The Fortitudinous Man Endures for What He Loves
more hate can mean more endurance
One of the great errors of today’s sloganeering society is the demand we choose love or hate. Hate is when you don’t accept a person as they are, or something. Love is when you let the person by who they are, or something.
But love and hate are – to borrow another vogue word – binaries. They’re two sides of the same coin. Hate is a byproduct of love; it grows because of love. And, yes, violence can grow out of hate.
Jesus actually tells us plainly we must hate: “If any man comes to me, without hating his father and mother and wife and children and brethren and sisters, yes, and his own life too, he can be no disciple of mine” (Luke 14:26). Obviously, this is a rhetorical device, because scripture itself confirms these natural loves. St. Ambrose explains this verse in that very way, that submitting to the truth as revealed by nature means that we must submit ultimately to “the Author of nature, and depart not from God out of love for parents.”
In other words, we hate the things that threaten what we love and cherish. As Jesus says, where our treasure us there too is our heart, and wherever our treasure so too are our fists in defense of them.
I hate, therefore, the man that enters my house to do violence to my family.
This is also why St. Thomas Aquinas lists hatred of God as a “daughter” of lust. Such hatred flows from lust because lust distorts love and pleasure into self-focus, instead of tempering it toward the common and individual good. God, by being the author of pleasure and thereby having the audacity to define its limits and direction (i.e. telling you that no, sodomy, masturbation, homosexuality, and fornication are not legitimate expressions of human sexuality) becomes the object of hate.
As an aside, the opposite of love is indifference. To have no fight in you is to have no love in you. The opposite of love is not a fist of anger, but a shrug and “whatever.” There’s no fight because there’s nothing worth fighting for. The question of disordered love, however, is a worthy one – whether we love the right things in the right ways.
Back to the coin of love/hate: There simply are things in life that cannot be loved at the same time – we must “hate the one and love the other,” as Jesus said (Matt. 6:24). And much of the time to discern what we really love we can discern what really gets our blood boiling. Does the thought of someone disrespecting you totally derail your inner peace? Losing money? Position?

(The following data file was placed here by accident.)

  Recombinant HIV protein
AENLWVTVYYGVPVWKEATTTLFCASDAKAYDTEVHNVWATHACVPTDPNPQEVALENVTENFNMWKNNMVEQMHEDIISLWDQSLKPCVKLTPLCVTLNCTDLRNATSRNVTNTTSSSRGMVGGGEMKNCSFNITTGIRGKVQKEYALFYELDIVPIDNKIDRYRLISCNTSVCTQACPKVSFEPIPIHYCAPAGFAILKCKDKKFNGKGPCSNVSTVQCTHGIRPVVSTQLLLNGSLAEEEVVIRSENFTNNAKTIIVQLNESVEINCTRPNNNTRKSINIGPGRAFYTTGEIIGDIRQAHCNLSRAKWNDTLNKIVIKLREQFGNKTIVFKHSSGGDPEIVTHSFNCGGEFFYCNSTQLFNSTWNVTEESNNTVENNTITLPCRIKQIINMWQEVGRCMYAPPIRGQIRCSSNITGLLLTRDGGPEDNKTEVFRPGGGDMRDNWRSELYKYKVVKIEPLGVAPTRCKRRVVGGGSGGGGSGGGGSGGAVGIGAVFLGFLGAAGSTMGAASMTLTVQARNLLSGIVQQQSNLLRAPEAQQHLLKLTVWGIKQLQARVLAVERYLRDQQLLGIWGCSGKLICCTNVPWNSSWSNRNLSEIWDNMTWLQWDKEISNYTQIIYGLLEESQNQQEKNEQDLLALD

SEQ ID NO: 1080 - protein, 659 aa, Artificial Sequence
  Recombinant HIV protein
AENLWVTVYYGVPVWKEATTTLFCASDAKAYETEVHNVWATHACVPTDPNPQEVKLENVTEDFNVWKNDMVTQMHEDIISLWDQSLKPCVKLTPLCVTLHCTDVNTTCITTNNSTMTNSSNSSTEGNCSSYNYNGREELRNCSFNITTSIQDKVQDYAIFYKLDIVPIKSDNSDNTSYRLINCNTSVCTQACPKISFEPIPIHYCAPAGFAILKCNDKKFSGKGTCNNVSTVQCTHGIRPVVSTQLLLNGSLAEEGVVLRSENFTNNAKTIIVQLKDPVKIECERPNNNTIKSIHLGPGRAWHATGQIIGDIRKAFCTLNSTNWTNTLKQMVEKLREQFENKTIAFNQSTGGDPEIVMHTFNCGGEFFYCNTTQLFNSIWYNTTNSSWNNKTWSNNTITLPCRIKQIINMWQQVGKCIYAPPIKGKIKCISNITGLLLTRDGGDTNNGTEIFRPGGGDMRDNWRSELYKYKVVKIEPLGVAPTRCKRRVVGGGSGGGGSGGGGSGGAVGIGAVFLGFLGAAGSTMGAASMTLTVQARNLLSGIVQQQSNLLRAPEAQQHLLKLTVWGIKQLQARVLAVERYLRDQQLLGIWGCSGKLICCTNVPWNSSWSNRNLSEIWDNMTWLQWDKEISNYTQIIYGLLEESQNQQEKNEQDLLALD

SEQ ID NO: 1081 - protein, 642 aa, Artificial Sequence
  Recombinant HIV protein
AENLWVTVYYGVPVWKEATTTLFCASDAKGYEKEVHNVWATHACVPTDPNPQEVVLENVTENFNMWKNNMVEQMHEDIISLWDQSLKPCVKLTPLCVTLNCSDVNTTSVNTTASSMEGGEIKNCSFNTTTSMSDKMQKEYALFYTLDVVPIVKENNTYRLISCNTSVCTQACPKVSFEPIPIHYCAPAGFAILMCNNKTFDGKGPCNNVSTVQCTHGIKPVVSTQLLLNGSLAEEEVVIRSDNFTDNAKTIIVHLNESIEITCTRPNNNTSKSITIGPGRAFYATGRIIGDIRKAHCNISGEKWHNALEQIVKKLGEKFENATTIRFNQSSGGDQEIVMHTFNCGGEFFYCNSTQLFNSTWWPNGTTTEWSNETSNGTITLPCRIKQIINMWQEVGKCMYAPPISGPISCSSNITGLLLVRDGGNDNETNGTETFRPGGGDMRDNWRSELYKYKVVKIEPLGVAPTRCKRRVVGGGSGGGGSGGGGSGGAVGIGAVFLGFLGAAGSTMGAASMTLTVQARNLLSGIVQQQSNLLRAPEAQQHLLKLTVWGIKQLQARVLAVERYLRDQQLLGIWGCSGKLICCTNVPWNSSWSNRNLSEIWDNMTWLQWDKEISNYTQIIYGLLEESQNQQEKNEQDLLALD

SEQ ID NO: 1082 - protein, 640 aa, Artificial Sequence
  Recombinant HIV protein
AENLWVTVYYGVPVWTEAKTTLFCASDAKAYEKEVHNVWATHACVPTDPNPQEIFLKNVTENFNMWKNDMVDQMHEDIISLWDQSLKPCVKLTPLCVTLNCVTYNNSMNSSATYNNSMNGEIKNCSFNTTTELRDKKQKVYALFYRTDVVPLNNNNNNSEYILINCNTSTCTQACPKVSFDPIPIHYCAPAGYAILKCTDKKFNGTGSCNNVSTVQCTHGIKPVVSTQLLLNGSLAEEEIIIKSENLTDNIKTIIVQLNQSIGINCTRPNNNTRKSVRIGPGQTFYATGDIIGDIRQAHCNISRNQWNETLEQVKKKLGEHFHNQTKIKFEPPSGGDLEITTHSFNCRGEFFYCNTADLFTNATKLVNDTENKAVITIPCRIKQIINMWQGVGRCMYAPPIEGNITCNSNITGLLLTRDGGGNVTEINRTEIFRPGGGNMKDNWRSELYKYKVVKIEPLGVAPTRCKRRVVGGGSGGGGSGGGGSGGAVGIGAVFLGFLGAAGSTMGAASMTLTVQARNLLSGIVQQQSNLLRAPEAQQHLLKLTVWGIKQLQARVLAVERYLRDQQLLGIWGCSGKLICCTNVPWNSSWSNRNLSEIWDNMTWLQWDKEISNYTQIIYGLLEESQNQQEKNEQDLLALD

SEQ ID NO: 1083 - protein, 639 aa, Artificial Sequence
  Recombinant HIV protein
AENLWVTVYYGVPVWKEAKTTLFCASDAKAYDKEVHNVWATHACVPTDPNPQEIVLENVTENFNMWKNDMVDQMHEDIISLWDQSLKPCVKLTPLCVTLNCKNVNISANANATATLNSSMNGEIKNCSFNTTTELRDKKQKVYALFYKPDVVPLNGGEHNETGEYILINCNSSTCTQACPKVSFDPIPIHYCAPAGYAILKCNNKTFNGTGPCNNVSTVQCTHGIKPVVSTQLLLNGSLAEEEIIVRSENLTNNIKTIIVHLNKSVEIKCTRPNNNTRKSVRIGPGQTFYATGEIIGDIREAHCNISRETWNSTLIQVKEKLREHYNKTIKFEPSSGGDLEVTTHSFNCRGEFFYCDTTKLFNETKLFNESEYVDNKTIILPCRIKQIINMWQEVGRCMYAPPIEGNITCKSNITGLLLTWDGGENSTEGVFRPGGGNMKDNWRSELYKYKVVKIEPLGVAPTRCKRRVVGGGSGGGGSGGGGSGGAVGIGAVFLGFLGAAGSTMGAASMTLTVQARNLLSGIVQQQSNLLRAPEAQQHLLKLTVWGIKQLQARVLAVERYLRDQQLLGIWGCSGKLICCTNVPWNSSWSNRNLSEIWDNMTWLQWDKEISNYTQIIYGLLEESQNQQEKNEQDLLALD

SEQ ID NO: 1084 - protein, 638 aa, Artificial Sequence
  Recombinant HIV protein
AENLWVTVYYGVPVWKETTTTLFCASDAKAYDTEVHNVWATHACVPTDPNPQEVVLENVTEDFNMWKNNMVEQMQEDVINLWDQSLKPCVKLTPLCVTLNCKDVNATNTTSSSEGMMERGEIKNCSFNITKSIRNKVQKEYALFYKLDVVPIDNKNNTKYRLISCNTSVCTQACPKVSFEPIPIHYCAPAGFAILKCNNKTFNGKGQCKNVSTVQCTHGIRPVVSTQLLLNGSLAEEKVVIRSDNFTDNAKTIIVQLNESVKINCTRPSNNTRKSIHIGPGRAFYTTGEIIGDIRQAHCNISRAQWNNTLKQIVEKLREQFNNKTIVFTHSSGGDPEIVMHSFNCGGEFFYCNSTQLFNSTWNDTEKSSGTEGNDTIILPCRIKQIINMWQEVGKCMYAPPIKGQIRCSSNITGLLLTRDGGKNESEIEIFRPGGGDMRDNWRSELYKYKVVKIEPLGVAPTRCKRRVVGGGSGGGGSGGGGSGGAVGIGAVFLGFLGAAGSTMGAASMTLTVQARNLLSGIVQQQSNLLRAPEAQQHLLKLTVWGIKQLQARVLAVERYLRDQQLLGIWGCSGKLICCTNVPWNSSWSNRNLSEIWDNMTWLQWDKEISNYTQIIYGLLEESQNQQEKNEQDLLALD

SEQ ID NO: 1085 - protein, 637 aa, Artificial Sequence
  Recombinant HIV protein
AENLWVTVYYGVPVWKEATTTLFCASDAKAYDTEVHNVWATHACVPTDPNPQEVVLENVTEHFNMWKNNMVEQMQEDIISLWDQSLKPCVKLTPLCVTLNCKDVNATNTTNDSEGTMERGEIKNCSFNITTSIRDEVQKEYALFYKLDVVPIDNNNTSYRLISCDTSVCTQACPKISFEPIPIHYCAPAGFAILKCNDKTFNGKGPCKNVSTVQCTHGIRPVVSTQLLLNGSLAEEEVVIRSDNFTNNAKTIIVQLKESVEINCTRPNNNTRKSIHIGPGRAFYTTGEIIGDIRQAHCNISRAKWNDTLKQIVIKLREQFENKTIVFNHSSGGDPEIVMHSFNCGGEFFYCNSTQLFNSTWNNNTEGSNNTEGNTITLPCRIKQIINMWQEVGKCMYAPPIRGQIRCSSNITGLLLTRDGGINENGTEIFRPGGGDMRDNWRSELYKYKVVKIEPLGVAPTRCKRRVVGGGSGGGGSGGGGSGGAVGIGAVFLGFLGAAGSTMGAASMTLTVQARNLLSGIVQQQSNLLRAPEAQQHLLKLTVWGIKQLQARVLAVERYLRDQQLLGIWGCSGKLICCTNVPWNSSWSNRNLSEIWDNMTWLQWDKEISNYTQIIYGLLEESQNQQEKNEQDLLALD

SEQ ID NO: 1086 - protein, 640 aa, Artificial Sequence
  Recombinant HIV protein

A man sliding into pornography does not look to the crucifix on the wall as the website loads, because in that moment he hates the God who denies him what he will not deny himself. Later he may repent and hate that same website, but this reveals the insecurity and instability of his inner man and the need to mature in love, not merely grow in discipline.
In Fraternus, when we try to hone a virtue like fortitude, we are careful to note why we have fortitude. What brings it to life. If we lack the endurance to live a life of virtue, we must turn inward to see what is enthroned in our heart. If love animates our virtues, which it must to be Christian virtue, our endurance will not be for the sake of discipline itself, but for love. When our fortitude is lacking, we need to hate better. And to hate better, we need to beg God to increase our love for what is good, true, and beautiful – we need a greater love of God Himself. The fortitudinous man endures for what he loves. Find out what he loves and you’ll know why and what he’ll endure.
From Eusebius, quoted in The Catena Aurea:
For every man naturally dwells upon that which is the object of his desire, and thither he directs all his thoughts, where he supposes his whole interest to rest. If any one then has his whole mind and affections, which he calls the heart, set on things of this present life, he lives in earthly things. But if he has given his mind to heavenly things, there will his mind be; so that he seems with his body only to live with men, but with his mind to have already reached the heavenly mansion.
Catechism 2848: “Lead us not into temptation” implies a decision of the heart: “For where your treasure is, there will your heart be also. . . . No one can serve two masters.” “If we live by the Spirit, let us also walk by the Spirit.” In this assent to the Holy Spirit the Father gives us strength. “No testing has overtaken you that is not common to man. God is faithful, and he will not let you be tempted beyond your strength, but with the temptation will also provide the way of escape, so that you may be able to endure it.”
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